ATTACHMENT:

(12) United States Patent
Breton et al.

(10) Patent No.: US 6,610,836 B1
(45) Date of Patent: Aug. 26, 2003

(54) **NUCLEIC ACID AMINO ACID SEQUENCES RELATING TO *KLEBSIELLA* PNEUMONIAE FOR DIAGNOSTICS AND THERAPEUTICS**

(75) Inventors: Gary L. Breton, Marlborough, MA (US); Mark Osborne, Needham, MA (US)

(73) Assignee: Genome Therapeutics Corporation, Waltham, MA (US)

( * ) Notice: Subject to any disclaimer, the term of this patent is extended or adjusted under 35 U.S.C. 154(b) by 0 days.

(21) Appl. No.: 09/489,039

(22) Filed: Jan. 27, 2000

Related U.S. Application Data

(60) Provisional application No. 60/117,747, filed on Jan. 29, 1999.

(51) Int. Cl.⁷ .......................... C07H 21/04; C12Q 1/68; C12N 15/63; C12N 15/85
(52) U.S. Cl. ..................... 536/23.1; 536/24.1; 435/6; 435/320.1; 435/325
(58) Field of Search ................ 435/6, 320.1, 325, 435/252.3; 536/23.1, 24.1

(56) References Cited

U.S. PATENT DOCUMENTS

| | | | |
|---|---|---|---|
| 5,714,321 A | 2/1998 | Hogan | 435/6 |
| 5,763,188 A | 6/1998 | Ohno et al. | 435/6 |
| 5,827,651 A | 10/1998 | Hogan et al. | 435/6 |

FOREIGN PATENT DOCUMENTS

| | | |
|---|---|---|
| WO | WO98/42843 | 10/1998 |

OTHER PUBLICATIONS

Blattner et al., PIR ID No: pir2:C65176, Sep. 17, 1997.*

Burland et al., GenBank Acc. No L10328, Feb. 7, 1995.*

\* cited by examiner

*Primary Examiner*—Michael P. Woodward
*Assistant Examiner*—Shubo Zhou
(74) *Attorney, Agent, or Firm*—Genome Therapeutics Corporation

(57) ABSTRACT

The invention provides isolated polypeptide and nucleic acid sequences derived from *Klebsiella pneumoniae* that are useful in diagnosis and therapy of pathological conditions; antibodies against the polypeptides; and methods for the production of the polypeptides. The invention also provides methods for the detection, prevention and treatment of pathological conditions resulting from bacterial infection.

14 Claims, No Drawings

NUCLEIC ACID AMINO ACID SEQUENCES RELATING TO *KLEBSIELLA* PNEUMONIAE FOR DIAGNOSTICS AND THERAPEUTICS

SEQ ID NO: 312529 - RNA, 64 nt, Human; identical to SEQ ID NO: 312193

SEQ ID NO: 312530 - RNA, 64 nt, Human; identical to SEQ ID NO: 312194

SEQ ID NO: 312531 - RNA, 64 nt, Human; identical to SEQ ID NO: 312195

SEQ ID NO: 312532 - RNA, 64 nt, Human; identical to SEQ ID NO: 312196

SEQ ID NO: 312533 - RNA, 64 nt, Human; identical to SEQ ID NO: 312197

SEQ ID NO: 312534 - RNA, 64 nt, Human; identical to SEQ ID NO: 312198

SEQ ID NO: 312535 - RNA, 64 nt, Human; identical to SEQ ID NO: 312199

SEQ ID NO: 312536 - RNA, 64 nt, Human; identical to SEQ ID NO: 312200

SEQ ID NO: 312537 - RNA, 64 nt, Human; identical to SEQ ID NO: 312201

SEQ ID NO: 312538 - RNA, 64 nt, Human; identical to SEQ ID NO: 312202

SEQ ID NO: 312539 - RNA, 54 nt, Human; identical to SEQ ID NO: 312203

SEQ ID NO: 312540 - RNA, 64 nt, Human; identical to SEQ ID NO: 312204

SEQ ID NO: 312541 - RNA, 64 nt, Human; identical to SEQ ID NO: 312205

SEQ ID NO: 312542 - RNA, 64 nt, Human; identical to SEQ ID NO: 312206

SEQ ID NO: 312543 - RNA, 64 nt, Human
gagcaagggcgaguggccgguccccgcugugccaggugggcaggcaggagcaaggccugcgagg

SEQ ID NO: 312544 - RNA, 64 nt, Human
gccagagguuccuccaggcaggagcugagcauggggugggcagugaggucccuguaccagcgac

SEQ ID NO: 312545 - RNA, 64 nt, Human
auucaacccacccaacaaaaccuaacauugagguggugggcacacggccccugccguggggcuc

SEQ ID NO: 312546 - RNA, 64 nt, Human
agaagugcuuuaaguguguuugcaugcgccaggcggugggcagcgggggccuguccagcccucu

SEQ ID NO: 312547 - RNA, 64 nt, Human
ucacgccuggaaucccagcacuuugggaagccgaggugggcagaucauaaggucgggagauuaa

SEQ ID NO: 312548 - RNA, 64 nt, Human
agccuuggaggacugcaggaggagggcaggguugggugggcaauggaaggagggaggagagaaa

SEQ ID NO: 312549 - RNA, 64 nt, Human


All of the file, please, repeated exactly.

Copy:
(12) United States Patent
Breton et al.

(10) Patent No.: US 6,610,836 B1
(45) Date of Patent: Aug. 26, 2003

(54) **NUCLEIC ACID AMINO ACID SEQUENCES RELATING TO *KLEBSIELLA* PNEUMONIAE FOR DIAGNOSTICS AND THERAPEUTICS**

(75) Inventors: Gary L. Breton, Marlborough, MA (US); Mark Osborne, Needham, MA (US)

(73) Assignee: Genome Therapeutics Corporation, Waltham, MA (US)

( * ) Notice: Subject to any disclaimer, the term of this patent is extended or adjusted under 35 U.S.C. 154(b) by 0 days.

(21) Appl. No.: 09/489,039

(22) Filed: Jan. 27, 2000

Related U.S. Application Data

(60) Provisional application No. 60/117,747, filed on Jan. 29, 1999.

(51) Int. Cl.⁷ .......................... C07H 21/04; C12Q 1/68; C12N 15/63; C12N 15/85
(52) U.S. Cl. ..................... 536/23.1; 536/24.1; 435/6; 435/320.1; 435/325
(58) Field of Search ................ 435/6, 320.1, 325, 435/252.3; 536/23.1, 24.1

(56) References Cited

U.S. PATENT DOCUMENTS

| | | | |
|---|---|---|---|
| 5,714,321 A | 2/1998 | Hogan | 435/6 |
| 5,763,188 A | 6/1998 | Ohno et al. | 435/6 |
| 5,827,651 A | 10/1998 | Hogan et al. | 435/6 |

FOREIGN PATENT DOCUMENTS

| | | |
|---|---|---|
| WO | WO98/42843 | 10/1998 |

OTHER PUBLICATIONS

Blattner et al., PIR ID No: pir2:C65176, Sep. 17, 1997.*

Burland et al., GenBank Acc. No L10328, Feb. 7, 1995.*

\* cited by examiner

*Primary Examiner*—Michael P. Woodward
*Assistant Examiner*—Shubo Zhou
(74) *Attorney, Agent, or Firm*—Genome Therapeutics Corporation

(57) ABSTRACT

The invention provides isolated polypeptide and nucleic acid sequences derived from *Klebsiella pneumoniae* that are useful in diagnosis and therapy of pathological conditions; antibodies against the polypeptides; and methods for the production of the polypeptides. The invention also provides methods for the detection, prevention and treatment of pathological conditions resulting from bacterial infection.

14 Claims, No Drawings

NUCLEIC ACID AMINO ACID SEQUENCES RELATING TO *KLEBSIELLA* PNEUMONIAE FOR DIAGNOSTICS AND THERAPEUTICS

SEQ ID NO: 312529 - RNA, 64 nt, Human; identical to SEQ ID NO: 312193

SEQ ID NO: 312530 - RNA, 64 nt, Human; identical to SEQ ID NO: 312194

SEQ ID NO: 312531 - RNA, 64 nt, Human; identical to SEQ ID NO: 312195

SEQ ID NO: 312532 - RNA, 64 nt, Human; identical to SEQ ID NO: 312196

SEQ ID NO: 312533 - RNA, 64 nt, Human; identical to SEQ ID NO: 312197

SEQ ID NO: 312534 - RNA, 64 nt, Human; identical to SEQ ID NO: 312198

SEQ ID NO: 312535 - RNA, 64 nt, Human; identical to SEQ ID NO: 312199

SEQ ID NO: 312536 - RNA, 64 nt, Human; identical to SEQ ID NO: 312200

SEQ ID NO: 312537 - RNA, 64 nt, Human; identical to SEQ ID NO: 312201

SEQ ID NO: 312538 - RNA, 64 nt, Human; identical to SEQ ID NO: 312202

SEQ ID NO: 312539 - RNA, 54 nt, Human; identical to SEQ ID NO: 312203

SEQ ID NO: 312540 - RNA, 64 nt, Human; identical to SEQ ID NO: 312204

SEQ ID NO: 312541 - RNA, 64 nt, Human; identical to SEQ ID NO: 312205

SEQ ID NO: 312542 - RNA, 64 nt, Human; identical to SEQ ID NO: 312206

SEQ ID NO: 312543 - RNA, 64 nt, Human
gagcaagggcgaguggccgguccccgcugugccaggugggcaggcaggagcaaggccugcgagg

SEQ ID NO: 312544 - RNA, 64 nt, Human
gccagagguuccuccaggcaggagcugagcauggggugggcagugaggucccuguaccagcgac

SEQ ID NO: 312545 - RNA, 64 nt, Human
auucaacccacccaacaaaaccuaacauugagguggugggcacacggccccugccguggggcuc

SEQ ID NO: 312546 - RNA, 64 nt, Human
agaagugcuuuaaguguguuugcaugcgccaggcggugggcagcgggggccuguccagcccucu

SEQ ID NO: 312547 - RNA, 64 nt, Human
ucacgccuggaaucccagcacuuugggaagccgaggugggcagaucauaaggucgggagauuaa

SEQ ID NO: 312548 - RNA, 64 nt, Human
agccuuggaggacugcaggaggagggcaggguugggugggcaauggaaggagggaggagagaaa

SEQ ID NO: 312549 - RNA, 64 nt, Human